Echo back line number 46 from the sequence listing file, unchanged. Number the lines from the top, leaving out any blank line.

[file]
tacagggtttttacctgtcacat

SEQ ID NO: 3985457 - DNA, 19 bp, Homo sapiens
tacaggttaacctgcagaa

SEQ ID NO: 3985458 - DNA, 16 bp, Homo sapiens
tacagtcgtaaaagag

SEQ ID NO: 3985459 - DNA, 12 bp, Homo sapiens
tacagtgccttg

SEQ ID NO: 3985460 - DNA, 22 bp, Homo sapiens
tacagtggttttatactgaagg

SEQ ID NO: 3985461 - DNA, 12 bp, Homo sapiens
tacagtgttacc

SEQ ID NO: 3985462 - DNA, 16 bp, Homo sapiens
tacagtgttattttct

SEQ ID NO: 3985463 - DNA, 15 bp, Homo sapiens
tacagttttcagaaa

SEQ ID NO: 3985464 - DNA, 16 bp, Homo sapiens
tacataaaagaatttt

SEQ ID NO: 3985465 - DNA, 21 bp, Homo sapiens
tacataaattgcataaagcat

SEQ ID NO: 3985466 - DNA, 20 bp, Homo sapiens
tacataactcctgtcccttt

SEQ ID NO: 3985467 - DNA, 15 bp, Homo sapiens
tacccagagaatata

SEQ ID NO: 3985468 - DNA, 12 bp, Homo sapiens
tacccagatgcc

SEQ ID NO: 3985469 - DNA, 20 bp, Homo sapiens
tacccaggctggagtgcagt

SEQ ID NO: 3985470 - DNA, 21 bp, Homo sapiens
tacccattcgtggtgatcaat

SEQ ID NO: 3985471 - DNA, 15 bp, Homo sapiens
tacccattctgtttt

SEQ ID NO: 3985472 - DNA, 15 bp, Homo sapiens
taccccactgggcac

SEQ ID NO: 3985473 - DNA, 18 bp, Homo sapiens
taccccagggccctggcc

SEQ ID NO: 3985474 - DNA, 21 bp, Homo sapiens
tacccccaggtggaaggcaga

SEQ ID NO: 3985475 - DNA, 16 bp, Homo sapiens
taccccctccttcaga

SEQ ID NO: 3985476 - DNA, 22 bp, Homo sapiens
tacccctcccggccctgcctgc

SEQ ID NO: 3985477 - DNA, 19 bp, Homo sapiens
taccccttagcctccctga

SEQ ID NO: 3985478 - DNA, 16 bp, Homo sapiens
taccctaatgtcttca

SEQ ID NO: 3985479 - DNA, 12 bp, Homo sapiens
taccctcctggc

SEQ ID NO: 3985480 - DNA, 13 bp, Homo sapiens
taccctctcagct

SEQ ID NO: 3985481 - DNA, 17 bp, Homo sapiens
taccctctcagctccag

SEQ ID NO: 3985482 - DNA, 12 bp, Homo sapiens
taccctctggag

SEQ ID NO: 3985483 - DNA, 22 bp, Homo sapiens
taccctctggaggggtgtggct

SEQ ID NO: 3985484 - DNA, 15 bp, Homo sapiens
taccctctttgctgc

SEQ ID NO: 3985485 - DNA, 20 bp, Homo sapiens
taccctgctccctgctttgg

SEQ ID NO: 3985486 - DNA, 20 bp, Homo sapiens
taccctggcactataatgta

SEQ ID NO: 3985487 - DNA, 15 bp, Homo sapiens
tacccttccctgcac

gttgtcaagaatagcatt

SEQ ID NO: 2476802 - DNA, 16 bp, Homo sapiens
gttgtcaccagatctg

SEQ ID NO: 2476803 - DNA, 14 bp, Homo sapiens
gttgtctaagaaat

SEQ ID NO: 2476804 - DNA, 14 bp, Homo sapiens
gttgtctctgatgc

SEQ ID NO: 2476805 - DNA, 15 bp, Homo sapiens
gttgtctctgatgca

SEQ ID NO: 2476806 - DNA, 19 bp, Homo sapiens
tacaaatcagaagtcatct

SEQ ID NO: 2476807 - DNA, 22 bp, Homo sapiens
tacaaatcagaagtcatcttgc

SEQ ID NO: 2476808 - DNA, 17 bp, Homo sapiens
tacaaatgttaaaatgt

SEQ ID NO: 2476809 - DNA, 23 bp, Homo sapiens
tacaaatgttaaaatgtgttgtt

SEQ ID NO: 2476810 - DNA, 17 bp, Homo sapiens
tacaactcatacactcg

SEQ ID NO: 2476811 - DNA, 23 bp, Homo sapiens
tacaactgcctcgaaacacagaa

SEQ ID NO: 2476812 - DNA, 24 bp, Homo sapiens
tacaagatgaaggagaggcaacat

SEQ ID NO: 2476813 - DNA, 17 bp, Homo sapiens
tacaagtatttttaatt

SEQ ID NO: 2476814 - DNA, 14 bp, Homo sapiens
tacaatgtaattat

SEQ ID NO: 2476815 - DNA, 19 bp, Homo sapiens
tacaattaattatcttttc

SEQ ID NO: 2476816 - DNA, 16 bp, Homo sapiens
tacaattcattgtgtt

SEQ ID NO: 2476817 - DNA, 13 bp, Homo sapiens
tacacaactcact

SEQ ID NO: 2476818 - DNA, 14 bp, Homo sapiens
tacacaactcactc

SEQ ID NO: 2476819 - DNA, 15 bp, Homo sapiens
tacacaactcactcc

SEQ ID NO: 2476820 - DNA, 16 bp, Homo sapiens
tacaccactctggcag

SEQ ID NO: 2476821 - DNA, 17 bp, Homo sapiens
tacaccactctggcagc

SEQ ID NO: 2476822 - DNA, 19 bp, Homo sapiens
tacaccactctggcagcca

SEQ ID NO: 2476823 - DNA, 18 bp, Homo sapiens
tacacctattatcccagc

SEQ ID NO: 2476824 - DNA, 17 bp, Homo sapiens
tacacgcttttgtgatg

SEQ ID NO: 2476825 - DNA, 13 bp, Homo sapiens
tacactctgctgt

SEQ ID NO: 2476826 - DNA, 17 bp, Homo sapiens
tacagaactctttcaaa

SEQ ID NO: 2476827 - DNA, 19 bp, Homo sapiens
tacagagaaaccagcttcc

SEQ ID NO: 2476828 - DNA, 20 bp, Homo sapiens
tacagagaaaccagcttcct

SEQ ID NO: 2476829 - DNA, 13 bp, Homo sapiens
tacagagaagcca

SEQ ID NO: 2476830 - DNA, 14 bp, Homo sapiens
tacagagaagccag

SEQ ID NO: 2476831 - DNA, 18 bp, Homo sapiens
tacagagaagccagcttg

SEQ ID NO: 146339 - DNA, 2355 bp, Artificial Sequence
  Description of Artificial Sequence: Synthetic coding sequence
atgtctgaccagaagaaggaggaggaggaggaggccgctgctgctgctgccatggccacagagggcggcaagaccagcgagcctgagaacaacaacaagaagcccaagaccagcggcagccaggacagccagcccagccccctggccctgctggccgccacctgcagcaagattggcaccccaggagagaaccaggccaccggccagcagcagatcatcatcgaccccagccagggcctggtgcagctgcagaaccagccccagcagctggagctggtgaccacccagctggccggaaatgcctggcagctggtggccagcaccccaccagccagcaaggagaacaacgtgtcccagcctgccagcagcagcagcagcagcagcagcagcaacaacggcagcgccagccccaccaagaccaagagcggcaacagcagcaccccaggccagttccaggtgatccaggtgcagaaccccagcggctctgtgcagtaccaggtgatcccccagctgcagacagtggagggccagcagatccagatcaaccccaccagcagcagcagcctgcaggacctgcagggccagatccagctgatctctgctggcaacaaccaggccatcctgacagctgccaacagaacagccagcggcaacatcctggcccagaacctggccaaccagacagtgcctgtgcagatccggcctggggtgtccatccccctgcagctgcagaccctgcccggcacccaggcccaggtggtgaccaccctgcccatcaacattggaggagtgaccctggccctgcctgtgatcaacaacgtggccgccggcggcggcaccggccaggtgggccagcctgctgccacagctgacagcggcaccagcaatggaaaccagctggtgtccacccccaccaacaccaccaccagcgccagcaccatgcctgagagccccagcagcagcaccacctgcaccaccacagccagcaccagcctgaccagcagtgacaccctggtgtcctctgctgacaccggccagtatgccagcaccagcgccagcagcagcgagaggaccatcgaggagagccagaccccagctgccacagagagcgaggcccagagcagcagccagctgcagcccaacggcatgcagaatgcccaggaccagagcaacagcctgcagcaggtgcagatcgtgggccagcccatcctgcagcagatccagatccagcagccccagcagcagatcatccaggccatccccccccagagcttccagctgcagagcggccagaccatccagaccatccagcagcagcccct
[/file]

SEQ ID NO: 3985479 - DNA, 12 bp, Homo sapiens